12. 5 Kastom, Family and Clan: Extending and Limiting Obligations
    (pp. 100-120)

    In the previous chapter, I analysed the changing ways in which Matupi have organised access to land, and the central importance of different kinds of kinship relations to that process. Kinship has long been central to the ways in which Tolai land tenure is negotiated. Or to put it another way, relations negotiated through land have long been central to how people recognise each other as kin. The institution ofturguvuai, in which two separatevunataraicome to be recognised as one by virtue of a history of joint customary transactions, often performed on specific pieces of land, is one...

  13. 6 Kastom and Contested Reciprocity
    (pp. 121-140)

    Kastomhas become central to debates about the how Tolai should behave in the twenty-first century. For example, as we have seen, this category is central to the negotiation of the appropriate relationship between the family-based household and the more extended kinship obligations of thevunatarai. This is the case both for the face to face interactions at the village level, and for the macro-level debates of policy formulation and implementation. The resettlement at Sikut, carried out under the auspices of the Gazelle Restoration Authority (GRA), is clearly operating under the premise of non-customary land holding. While the reality on...

  14. 7 Big Shots, Corned Beef and Big Heads
    (pp. 141-153)

    The example of the Big Shots provides perhaps the best illustration of how the contradiction between family and clan crystallises the wider contradictions of a global capitalist economy in East New Britain. This contradiction between family and clan is one of the key sites at which the emerging elite pursues strategies of individuation and hence are seen by others as abrogating their obligations to the grassroots. I examine this issue in more detail in Chapter Nine. The overall pattern, though, is one of ‘extended’ kin of Big Shots tending to feel that they have a greater claim on the Big...

  15. 8 A Fish Trap for Kastom
    (pp. 154-175)

    Across the previous several chapters I looked at the concept ofkastomand how its meaning has constantly been creatively re-invented in new social contexts, as a marker of the ever shifting boundaries of appropriate reciprocal interdependence in postcolonial PNG. Across those chapters, I examined concrete examples to illustrate the different ways in which this one word can mark out a moral position on the appropriate limits of reciprocity in a variety of different contexts. In this chapter I take a different approach, looking in detail at a single issue, namely changes in fishing technologies over the past fifty years...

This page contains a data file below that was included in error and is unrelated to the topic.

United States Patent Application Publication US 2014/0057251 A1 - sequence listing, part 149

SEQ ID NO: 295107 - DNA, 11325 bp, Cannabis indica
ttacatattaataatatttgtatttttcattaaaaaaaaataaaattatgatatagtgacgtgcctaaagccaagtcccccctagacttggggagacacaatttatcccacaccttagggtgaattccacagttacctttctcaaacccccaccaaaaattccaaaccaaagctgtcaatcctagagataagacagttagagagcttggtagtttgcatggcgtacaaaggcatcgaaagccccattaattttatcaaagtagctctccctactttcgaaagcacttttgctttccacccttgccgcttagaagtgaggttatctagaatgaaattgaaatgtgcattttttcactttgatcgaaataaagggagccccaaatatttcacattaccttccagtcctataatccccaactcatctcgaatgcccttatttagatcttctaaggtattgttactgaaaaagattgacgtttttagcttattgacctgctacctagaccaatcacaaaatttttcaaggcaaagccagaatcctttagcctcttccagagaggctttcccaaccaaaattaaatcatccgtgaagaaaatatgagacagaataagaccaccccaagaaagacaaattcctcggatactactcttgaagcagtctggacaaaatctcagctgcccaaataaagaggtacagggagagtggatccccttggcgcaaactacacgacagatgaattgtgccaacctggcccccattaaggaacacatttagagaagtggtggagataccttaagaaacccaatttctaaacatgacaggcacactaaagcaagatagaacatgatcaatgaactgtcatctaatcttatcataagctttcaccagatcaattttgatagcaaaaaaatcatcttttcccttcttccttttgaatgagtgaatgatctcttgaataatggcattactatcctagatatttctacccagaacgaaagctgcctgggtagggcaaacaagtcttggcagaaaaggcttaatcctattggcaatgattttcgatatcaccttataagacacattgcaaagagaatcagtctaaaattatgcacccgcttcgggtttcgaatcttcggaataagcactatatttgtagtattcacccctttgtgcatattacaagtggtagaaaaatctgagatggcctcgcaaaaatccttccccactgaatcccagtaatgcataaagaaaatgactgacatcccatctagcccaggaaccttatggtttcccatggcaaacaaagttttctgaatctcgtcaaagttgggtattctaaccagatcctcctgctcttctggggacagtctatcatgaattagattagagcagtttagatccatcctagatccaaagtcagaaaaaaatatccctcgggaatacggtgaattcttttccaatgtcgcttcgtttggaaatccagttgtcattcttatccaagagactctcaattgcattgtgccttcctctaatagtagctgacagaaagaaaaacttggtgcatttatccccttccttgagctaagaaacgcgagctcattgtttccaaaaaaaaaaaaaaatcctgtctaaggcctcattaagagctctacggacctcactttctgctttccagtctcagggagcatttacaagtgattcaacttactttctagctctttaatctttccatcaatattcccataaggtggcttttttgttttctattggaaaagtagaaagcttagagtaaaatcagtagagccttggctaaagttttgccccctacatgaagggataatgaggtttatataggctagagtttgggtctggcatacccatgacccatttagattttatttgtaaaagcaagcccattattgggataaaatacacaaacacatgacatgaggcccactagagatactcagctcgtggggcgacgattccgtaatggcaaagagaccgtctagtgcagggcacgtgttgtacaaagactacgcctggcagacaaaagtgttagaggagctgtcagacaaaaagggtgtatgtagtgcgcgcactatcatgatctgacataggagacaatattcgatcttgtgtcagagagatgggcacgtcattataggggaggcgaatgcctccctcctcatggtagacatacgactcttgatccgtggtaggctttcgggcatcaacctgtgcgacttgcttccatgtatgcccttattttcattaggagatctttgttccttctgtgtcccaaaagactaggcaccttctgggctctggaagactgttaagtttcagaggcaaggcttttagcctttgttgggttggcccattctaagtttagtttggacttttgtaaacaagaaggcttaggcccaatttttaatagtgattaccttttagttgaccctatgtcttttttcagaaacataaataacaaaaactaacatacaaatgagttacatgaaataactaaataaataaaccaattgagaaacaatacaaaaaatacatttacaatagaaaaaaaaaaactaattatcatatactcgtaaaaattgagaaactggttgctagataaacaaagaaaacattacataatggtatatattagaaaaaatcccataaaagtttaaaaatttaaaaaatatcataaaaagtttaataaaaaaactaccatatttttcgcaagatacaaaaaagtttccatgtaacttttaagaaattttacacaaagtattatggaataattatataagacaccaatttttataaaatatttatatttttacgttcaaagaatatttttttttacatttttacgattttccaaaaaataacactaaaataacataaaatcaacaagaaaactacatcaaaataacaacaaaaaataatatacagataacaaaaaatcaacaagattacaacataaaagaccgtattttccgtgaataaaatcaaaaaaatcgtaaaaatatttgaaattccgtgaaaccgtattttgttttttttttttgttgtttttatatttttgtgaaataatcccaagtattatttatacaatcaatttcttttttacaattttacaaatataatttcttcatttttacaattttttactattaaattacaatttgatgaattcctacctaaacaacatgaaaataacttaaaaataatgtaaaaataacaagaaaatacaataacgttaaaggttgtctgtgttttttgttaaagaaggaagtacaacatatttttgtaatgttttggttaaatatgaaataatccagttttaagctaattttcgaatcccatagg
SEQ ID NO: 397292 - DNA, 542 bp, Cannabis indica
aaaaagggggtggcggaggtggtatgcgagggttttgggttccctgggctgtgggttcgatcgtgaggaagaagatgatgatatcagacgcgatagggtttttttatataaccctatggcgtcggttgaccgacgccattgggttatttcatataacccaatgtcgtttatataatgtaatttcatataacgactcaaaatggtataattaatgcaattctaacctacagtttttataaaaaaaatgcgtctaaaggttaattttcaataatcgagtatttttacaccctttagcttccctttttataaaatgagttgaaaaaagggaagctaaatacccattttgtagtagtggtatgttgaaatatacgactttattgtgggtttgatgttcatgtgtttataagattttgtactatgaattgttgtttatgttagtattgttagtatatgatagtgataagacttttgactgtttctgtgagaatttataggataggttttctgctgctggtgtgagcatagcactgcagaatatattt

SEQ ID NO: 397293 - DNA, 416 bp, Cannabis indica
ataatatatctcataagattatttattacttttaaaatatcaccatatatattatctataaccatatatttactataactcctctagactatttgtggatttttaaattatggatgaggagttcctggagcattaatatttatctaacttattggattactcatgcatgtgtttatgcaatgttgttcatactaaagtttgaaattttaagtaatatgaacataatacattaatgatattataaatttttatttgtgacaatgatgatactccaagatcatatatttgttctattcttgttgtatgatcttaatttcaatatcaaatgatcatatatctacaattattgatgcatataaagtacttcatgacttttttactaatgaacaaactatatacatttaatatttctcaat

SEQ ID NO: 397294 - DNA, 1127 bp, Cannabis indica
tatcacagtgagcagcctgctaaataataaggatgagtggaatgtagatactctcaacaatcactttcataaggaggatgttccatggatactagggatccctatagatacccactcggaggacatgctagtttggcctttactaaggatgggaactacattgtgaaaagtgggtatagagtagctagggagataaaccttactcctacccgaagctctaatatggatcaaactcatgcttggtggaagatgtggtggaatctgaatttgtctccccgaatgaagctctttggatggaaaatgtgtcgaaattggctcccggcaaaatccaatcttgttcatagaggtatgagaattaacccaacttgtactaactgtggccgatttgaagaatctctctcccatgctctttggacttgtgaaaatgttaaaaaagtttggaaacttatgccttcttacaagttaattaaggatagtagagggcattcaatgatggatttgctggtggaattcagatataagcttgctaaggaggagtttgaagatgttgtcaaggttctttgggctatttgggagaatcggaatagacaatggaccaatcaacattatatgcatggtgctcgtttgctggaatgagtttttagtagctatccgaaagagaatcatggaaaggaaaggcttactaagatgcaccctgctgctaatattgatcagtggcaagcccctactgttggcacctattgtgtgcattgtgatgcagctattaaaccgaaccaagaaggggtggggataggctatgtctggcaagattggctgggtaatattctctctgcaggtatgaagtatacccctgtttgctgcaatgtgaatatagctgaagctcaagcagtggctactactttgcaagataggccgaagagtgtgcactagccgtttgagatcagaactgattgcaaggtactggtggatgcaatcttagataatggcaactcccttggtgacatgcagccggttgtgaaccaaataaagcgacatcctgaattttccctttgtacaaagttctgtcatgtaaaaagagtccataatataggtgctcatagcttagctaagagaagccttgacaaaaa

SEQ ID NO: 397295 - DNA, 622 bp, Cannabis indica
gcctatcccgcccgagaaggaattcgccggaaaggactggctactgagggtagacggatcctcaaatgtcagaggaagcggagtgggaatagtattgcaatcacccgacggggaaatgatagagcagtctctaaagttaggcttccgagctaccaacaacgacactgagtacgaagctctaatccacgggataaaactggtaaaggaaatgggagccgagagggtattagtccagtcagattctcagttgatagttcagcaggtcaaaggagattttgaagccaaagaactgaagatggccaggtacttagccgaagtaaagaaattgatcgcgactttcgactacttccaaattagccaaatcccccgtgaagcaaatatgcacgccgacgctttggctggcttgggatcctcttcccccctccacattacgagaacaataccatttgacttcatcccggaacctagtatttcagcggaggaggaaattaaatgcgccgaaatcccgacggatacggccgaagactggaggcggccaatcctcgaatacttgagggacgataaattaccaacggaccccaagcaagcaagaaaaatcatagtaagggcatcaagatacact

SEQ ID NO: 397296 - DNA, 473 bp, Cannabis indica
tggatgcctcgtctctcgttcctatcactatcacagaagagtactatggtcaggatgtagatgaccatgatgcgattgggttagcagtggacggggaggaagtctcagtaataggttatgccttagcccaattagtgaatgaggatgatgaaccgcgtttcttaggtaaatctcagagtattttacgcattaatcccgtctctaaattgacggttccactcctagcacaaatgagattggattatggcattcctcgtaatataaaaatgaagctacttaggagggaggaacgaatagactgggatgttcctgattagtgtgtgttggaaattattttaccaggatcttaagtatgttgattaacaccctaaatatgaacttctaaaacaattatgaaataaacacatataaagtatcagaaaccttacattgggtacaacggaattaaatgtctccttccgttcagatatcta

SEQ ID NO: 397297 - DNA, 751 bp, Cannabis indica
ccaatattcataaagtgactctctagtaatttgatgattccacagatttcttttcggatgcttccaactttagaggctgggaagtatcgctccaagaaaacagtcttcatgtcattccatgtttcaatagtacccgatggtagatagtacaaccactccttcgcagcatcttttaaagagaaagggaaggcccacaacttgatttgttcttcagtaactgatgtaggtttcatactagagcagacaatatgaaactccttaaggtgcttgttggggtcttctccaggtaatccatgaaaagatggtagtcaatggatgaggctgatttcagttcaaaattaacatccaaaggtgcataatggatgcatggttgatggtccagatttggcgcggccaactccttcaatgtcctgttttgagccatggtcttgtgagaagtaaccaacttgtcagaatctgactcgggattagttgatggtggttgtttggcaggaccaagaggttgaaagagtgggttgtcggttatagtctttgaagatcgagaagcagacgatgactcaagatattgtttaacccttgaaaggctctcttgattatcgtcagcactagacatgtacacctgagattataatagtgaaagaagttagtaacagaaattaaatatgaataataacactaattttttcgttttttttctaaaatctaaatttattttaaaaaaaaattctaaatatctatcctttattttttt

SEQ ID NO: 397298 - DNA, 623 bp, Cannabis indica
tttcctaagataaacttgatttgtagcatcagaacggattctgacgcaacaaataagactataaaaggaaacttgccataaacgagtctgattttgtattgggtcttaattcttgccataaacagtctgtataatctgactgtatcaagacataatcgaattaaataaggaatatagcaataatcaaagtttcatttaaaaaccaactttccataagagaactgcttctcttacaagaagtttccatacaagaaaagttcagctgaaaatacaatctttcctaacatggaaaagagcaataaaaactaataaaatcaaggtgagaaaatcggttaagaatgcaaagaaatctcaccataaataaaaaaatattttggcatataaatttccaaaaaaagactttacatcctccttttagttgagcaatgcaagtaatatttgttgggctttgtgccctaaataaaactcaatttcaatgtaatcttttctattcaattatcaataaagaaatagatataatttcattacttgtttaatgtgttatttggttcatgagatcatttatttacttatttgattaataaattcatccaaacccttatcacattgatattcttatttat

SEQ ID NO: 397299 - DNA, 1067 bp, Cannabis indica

16. 9 Big Men, Big Shots and Bourgeois Individuals: Conflicts over Moral Obligation and the Limits of Reciprocity
    (pp. 176-211)

    One evening towards the end of my fieldwork, I was accosted by a drunk. I was in a bar in Kokopo, the Provincial Capital and my friends and I were chatting in Kuanua, when a well-dressed middle-aged man grabbed me by the shoulder and insisted that I speak in English, as the poor standard of my Kuanua made me ‘sound like a dog’. For the past few weeks, national news had been dominated by the Australian government’s attempts to get the PNG government to agree to the placement of Australian officials in overseeing positions in PNG governmental departments to counteract...

  17. 10 Your Own Buai You Must Buy: The Big Shot as Contemporary Melanesian Possessive Individual
    (pp. 212-230)

    In the previous chapter I discussed the similarities between contemporary uses of the term ‘Big Shot’ at Matupit, and Macpherson’s analysis of the political theory of ‘Possessive Individualism’. The theory of Possessive Individualism stresses the ‘conception of the individual as essentially the proprietor of his own person or capacities, owing nothing to society for them’ (Macpherson 1962: 3). This autonomy grants the individual the moral right to assert agency in various social spheres. Macpherson (1962: 107–59) cites the Putney Debates over the extent of the franchise between the Independents and the Levellers after the English Civil War as an...

  18. Conclusions
    (pp. 231-240)

    The emergence of the category of the Big Shot and the contests around its use and meaning are perhaps the starkest illustrations of the ongoing contest over the appropriate limits of reciprocal interdependence that characterises contemporary Tolai sociality. But the ways in which the limits of reciprocity are contested in this context have parallels in other contexts. ToNgala’s attempts to keep the claims of his extended kin within a box markedkastomin order to protect his own individual household are of a similar order to Philip’s desire to removekastomfrom the land at Sikut in order to protect...

  19. Glossary
    (pp. 241-244)
  20. References
    (pp. 245-252)
  21. Index
    (pp. 253-256)